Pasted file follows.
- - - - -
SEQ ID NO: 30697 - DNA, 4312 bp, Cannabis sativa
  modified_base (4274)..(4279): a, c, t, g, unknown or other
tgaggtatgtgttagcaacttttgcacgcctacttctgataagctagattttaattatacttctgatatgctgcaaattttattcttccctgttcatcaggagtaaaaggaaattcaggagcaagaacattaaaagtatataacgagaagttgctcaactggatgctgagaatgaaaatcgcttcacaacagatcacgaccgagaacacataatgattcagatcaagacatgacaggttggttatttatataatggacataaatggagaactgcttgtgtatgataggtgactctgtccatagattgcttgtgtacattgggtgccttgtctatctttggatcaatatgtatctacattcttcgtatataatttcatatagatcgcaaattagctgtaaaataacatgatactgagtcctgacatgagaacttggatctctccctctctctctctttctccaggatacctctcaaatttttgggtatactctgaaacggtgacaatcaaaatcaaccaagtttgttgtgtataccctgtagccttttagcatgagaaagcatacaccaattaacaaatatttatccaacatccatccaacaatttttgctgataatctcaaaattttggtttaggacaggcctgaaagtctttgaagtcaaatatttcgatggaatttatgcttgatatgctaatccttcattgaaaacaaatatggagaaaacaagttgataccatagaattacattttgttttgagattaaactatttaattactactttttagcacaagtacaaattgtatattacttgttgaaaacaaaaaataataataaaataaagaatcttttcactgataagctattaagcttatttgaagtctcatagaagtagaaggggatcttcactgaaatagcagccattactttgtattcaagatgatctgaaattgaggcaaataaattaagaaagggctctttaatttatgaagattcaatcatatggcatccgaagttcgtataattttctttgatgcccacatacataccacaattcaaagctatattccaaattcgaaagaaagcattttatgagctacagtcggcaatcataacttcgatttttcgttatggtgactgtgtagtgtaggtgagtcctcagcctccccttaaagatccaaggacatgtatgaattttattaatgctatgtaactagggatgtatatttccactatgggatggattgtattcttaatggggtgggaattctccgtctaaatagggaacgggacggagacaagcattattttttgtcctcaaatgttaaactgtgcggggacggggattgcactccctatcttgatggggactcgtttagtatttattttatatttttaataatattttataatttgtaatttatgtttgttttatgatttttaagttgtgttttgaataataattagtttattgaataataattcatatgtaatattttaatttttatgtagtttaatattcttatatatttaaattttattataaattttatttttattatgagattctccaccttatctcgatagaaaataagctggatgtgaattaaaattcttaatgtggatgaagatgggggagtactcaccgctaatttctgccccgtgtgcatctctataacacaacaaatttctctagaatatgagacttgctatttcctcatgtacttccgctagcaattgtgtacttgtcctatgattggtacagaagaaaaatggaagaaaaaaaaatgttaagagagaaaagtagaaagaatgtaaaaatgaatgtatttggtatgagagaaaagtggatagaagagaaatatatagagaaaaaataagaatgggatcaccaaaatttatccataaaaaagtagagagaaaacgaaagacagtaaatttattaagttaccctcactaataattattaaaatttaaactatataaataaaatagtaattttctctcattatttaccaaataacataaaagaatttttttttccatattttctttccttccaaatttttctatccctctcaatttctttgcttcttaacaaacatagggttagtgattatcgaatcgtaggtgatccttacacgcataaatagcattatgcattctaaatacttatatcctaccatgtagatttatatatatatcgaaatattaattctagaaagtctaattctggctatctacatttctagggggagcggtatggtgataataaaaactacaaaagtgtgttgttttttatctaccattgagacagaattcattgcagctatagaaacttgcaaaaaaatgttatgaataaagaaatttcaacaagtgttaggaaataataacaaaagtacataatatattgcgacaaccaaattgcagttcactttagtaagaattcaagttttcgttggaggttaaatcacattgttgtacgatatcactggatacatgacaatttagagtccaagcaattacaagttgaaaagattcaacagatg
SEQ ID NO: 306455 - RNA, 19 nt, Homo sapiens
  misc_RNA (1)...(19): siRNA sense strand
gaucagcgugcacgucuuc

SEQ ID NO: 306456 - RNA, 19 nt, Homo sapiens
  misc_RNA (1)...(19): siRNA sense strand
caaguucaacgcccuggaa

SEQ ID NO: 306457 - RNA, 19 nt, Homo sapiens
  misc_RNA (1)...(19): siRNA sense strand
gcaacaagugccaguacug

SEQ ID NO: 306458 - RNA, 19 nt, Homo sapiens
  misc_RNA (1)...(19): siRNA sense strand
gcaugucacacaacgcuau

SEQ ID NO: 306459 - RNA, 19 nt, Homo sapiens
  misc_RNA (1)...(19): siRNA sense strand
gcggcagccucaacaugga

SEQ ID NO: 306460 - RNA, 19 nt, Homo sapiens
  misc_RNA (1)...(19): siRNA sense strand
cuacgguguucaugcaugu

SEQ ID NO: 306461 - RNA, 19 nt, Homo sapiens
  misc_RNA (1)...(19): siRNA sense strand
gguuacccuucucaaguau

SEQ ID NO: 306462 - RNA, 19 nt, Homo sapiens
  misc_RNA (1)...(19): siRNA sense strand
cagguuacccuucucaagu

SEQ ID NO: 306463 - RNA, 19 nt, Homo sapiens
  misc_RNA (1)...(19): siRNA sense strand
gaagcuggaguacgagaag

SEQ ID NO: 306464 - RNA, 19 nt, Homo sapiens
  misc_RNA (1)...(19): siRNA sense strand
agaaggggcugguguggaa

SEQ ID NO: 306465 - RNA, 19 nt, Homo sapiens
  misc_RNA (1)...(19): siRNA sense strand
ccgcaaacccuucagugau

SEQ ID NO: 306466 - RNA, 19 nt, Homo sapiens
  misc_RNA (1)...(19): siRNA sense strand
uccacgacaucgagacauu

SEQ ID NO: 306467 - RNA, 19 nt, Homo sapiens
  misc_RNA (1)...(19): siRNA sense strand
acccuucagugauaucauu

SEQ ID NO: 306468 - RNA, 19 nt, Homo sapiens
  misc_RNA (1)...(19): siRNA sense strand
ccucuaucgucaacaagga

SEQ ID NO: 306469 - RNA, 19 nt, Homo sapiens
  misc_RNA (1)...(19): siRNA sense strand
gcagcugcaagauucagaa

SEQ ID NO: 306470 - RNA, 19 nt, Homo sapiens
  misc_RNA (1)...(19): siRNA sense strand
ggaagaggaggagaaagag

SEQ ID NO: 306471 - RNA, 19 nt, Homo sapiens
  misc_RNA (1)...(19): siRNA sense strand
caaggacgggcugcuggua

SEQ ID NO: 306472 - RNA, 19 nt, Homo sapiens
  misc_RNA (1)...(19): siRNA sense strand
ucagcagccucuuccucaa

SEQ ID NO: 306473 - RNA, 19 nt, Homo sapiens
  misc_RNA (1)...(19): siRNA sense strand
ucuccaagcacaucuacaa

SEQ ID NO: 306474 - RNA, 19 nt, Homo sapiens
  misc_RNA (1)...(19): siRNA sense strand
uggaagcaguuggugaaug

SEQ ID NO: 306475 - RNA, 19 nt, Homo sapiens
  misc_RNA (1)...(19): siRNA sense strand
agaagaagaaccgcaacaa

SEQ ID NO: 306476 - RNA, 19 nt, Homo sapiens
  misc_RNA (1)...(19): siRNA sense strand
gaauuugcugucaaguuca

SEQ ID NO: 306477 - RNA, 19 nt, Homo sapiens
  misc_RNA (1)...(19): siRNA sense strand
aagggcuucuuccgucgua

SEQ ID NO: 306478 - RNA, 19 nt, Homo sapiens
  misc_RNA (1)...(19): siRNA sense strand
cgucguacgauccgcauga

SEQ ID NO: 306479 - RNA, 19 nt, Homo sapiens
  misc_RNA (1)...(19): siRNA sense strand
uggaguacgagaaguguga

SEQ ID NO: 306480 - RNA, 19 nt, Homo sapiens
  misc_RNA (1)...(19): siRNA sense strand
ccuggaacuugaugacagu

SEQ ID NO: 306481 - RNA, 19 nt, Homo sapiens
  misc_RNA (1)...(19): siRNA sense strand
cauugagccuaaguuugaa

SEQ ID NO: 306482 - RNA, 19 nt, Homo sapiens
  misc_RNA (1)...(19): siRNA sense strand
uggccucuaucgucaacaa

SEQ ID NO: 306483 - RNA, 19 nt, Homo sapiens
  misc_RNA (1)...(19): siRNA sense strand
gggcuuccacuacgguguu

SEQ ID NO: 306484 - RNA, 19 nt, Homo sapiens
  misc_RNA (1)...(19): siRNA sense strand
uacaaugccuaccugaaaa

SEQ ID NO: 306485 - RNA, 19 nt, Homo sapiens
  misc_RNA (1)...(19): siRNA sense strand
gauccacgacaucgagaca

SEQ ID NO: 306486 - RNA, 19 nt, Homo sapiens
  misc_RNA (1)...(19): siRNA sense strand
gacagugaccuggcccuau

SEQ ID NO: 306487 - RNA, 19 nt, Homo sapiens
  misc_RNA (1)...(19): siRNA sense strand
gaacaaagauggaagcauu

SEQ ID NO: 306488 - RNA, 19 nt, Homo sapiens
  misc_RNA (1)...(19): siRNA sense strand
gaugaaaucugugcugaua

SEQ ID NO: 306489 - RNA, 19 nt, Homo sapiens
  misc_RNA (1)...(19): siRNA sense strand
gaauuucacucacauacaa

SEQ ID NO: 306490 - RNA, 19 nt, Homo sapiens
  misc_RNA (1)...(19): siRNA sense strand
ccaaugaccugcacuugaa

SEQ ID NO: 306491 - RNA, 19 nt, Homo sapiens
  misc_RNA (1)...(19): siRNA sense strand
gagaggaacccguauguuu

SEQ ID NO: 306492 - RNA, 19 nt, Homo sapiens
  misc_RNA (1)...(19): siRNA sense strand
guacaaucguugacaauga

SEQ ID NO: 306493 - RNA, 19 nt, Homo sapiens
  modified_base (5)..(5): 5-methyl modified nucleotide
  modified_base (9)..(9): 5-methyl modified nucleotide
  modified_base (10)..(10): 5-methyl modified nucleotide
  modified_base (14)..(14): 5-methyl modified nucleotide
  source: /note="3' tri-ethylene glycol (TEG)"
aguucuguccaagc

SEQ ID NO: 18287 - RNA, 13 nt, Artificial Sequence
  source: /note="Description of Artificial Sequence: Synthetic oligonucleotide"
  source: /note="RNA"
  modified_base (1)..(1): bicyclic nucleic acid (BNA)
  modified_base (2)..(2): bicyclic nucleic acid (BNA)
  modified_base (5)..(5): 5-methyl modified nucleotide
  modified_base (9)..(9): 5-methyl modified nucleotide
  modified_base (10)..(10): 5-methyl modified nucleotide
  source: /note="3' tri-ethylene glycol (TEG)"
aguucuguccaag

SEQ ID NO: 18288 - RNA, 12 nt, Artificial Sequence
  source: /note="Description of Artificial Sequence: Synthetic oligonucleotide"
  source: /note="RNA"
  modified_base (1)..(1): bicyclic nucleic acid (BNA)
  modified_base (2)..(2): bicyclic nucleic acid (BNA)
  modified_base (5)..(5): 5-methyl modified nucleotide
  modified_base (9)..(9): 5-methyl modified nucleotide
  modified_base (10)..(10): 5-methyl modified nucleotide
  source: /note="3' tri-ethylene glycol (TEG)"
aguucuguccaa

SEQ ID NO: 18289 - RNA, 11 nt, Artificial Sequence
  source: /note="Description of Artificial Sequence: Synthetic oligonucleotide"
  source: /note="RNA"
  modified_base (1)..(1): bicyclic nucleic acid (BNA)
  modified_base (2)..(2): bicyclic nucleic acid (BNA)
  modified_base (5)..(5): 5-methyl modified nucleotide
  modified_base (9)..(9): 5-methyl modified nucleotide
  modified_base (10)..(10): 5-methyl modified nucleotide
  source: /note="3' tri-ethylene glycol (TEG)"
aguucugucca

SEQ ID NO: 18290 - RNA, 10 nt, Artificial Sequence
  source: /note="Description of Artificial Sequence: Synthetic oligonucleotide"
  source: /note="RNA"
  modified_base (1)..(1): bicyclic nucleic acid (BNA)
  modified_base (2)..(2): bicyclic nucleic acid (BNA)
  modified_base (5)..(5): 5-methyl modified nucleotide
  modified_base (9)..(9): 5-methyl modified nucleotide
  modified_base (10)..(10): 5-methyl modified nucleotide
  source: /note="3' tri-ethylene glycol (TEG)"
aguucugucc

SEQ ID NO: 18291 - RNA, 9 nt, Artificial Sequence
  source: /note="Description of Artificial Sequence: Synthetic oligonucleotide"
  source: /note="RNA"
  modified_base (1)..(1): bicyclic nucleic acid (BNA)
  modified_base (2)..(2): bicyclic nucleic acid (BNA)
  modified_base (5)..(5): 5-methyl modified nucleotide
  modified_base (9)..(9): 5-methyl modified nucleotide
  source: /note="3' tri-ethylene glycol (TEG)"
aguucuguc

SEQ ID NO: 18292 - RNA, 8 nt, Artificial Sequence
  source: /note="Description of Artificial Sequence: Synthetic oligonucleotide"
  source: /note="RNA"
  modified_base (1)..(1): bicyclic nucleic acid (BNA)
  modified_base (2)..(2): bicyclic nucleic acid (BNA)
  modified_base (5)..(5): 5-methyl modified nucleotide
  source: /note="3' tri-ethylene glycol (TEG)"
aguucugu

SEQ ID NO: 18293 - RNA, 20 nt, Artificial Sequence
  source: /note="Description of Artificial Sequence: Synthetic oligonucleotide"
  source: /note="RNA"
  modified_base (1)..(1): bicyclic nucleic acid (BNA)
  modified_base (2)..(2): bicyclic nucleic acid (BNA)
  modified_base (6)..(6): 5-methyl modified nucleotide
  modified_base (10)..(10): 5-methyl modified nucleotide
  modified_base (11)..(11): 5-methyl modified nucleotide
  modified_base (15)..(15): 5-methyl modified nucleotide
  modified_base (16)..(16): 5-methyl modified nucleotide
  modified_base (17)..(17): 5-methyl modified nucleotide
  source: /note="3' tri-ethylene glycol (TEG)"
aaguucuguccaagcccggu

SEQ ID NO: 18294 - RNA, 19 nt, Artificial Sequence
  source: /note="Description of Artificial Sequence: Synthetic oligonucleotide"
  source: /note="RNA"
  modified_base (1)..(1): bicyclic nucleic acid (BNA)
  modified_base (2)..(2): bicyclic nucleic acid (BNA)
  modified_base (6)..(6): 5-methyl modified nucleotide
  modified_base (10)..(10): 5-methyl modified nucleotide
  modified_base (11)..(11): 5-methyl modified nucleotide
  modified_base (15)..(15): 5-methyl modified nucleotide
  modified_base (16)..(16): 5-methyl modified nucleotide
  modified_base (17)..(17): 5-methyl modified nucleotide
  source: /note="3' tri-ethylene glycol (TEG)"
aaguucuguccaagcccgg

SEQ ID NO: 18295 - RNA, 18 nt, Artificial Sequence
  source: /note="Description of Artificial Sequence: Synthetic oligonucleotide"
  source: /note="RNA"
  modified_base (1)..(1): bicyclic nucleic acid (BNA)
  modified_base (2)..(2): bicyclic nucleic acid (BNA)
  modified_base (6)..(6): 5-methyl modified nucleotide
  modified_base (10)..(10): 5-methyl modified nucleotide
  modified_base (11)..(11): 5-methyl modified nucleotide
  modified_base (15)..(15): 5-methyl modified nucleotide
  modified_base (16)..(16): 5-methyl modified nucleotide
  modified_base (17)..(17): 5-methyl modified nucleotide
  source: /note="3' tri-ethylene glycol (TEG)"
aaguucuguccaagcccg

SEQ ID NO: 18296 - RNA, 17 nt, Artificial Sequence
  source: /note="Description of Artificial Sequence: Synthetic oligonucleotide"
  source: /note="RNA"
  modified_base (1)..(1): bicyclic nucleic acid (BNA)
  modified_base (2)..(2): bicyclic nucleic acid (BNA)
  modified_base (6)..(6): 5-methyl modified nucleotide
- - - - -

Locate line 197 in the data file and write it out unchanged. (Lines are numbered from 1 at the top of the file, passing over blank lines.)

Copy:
  source: /note="RNA"